When Kingfish Boxing unfurled a series a decade ago, Kerry approached me one evening in Lafayette, Louisiana. He told me I should be writing about my commentating journey—from ESPN to Pay-Per-View and HBO, from countless road trips, from five-dollar to five-star hotels. This now 28-year run includes calling fights on the Dreams, Fairy Tales, and Miracles world’s highest stage, he said. The ledger includes Tyson-Lewis, Bowe-Holyfield,  and  most  fights involving Oscar De La Hoya, Floyd Mayweather, and Roy Jones Jr. Throw in the documentaries, the Gatti-Ward trilogy, distinctions like the Boxing Writers Association of America’s Sam Taub Award, and your induction into the New Jersey Boxing Hall of Fame, he said.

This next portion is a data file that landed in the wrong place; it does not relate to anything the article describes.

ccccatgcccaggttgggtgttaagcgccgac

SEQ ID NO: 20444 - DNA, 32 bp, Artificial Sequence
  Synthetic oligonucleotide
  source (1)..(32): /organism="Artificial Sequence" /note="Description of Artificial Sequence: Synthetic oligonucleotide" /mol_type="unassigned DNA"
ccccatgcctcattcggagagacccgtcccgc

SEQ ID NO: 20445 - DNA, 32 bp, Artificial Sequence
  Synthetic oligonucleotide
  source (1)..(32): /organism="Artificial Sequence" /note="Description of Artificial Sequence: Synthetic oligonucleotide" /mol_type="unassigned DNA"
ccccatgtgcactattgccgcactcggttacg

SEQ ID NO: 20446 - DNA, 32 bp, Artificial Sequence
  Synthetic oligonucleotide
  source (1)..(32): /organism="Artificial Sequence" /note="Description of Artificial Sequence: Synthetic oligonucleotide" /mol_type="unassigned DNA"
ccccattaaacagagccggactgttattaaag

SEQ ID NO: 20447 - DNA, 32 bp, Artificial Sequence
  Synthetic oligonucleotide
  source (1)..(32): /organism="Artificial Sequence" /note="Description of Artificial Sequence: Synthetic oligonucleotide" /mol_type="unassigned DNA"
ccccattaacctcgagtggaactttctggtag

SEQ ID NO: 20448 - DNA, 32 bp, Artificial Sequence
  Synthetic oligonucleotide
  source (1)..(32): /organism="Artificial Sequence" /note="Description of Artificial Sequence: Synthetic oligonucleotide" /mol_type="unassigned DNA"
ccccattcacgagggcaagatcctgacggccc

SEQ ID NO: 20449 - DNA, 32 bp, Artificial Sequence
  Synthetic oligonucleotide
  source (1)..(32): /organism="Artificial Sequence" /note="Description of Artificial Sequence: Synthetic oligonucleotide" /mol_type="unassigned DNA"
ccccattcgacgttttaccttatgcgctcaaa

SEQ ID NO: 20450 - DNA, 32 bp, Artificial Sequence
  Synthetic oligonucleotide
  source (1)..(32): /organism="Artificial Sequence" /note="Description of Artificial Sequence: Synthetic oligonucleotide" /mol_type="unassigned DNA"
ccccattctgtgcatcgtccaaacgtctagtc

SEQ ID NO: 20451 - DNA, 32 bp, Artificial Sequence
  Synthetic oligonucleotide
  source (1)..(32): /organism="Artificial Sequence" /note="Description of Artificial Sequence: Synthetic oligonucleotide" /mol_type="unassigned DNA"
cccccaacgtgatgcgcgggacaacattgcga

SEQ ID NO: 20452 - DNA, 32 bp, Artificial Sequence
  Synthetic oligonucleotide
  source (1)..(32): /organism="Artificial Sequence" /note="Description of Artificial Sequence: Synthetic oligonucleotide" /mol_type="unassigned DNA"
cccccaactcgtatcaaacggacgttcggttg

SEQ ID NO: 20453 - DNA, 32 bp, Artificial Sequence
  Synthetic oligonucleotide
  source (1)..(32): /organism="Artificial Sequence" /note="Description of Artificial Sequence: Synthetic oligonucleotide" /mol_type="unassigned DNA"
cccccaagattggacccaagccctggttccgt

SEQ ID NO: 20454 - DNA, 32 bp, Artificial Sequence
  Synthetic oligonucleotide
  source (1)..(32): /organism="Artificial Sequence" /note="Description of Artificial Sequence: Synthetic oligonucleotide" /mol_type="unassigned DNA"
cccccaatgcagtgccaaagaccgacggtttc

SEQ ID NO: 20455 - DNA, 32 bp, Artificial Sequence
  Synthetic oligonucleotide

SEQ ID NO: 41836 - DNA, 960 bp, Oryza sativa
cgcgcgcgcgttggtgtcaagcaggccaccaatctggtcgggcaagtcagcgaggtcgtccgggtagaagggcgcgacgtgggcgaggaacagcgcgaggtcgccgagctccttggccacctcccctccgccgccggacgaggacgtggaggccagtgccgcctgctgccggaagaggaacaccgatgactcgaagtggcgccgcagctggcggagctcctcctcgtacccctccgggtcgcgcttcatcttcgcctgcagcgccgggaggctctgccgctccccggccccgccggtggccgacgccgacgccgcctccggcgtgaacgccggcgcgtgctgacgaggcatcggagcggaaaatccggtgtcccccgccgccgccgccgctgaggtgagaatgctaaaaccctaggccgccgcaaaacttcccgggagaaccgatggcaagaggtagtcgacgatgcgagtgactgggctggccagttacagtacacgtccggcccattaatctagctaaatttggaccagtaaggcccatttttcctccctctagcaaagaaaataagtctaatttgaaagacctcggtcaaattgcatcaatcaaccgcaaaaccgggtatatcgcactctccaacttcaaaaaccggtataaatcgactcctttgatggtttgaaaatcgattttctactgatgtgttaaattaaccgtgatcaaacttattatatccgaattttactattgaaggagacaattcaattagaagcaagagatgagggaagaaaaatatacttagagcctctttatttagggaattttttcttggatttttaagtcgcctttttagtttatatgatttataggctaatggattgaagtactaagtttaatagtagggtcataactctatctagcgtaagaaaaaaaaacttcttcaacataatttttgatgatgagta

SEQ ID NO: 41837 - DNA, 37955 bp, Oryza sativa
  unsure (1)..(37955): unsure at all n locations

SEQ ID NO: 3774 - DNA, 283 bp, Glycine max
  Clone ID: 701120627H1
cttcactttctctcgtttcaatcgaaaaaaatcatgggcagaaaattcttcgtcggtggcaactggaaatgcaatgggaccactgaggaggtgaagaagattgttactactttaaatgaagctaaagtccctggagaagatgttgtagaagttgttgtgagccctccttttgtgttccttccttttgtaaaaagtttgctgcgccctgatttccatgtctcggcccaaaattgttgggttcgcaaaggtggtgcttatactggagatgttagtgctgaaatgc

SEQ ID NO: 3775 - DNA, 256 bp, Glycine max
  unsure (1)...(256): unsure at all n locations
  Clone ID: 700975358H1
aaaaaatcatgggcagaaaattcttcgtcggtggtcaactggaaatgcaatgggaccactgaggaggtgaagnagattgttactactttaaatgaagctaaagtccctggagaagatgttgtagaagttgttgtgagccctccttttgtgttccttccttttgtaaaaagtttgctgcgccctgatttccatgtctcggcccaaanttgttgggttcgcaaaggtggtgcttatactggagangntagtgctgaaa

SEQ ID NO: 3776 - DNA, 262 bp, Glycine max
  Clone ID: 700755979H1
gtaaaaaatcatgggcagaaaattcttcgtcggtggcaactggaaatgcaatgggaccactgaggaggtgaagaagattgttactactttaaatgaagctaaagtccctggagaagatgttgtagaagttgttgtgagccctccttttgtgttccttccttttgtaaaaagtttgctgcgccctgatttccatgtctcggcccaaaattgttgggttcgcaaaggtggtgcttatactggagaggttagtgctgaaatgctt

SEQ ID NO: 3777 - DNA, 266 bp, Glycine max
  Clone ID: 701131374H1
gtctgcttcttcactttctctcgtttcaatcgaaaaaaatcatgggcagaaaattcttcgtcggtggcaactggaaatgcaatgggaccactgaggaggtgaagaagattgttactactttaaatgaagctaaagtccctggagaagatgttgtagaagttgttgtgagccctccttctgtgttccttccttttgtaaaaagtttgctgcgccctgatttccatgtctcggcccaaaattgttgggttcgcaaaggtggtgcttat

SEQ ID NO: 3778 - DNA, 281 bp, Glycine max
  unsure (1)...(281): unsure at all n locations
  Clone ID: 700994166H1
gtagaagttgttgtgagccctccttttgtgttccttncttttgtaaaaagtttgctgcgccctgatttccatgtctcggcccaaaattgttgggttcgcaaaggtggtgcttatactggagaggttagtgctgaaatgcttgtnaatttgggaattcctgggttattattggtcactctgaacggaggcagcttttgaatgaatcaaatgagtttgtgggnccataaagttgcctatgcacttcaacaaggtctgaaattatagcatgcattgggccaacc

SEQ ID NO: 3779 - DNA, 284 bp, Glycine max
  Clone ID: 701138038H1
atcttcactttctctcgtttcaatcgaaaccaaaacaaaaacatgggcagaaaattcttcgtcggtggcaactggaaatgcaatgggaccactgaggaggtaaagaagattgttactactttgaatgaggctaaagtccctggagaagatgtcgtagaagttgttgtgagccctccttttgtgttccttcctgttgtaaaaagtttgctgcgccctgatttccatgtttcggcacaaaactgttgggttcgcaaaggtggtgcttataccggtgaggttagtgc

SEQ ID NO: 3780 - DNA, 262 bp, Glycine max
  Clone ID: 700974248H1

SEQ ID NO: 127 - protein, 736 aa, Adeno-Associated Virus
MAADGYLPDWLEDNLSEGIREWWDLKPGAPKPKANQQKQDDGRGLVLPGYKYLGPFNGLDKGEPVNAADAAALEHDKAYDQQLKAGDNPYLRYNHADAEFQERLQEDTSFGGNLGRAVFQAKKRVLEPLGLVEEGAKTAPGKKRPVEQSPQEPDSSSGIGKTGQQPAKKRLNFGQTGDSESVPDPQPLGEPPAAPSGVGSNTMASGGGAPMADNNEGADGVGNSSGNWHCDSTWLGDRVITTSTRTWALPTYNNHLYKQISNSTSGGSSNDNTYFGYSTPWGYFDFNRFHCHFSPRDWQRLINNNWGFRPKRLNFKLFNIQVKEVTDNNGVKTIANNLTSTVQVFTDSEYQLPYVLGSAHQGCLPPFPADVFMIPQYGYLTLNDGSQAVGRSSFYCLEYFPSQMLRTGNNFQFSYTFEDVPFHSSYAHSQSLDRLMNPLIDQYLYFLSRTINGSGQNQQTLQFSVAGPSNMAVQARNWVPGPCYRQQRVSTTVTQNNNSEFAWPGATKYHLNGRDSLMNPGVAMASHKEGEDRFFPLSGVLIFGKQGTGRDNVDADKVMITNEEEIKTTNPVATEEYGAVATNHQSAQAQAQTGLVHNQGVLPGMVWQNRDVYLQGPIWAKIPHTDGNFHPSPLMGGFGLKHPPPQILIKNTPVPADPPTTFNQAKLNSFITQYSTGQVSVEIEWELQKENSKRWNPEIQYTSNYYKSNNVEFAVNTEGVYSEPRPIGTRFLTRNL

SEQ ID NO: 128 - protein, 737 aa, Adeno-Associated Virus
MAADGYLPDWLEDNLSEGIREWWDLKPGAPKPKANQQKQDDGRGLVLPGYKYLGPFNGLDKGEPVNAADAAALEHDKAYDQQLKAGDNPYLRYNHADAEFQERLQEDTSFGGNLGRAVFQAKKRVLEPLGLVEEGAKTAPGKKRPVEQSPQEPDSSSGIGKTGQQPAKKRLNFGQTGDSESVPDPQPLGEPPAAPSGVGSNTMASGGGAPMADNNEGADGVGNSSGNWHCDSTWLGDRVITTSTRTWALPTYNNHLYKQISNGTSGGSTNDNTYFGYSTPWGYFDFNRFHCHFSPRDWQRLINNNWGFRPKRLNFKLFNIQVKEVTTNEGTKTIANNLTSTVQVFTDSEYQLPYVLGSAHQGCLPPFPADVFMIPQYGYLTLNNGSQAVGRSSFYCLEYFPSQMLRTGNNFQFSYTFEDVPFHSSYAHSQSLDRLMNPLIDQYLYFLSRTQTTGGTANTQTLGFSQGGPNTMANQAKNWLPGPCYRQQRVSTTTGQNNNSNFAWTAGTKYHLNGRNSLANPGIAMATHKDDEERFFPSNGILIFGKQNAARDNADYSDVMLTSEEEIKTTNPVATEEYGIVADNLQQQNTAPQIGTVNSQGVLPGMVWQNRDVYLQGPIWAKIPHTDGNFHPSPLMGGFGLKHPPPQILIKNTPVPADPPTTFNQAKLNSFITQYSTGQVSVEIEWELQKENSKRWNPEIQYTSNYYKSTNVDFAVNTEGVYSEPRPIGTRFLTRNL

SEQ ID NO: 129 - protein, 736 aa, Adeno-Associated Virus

Kerry  noted  I’d  partnered  with  every conceivable  high-level  broadcaster,  from  Al Bernstein and Bob Papa to Gus Johnson and Teddy Atlas. “You’ve got that light surrounding you which gives off so much good energy,” he told me.

People see it and they want it.” Kerry suggested developing a public speaking program wrapped around the book I should write. It was a startling piece of insight from someone not in the media business. And he convinced me…but circumstances intervened.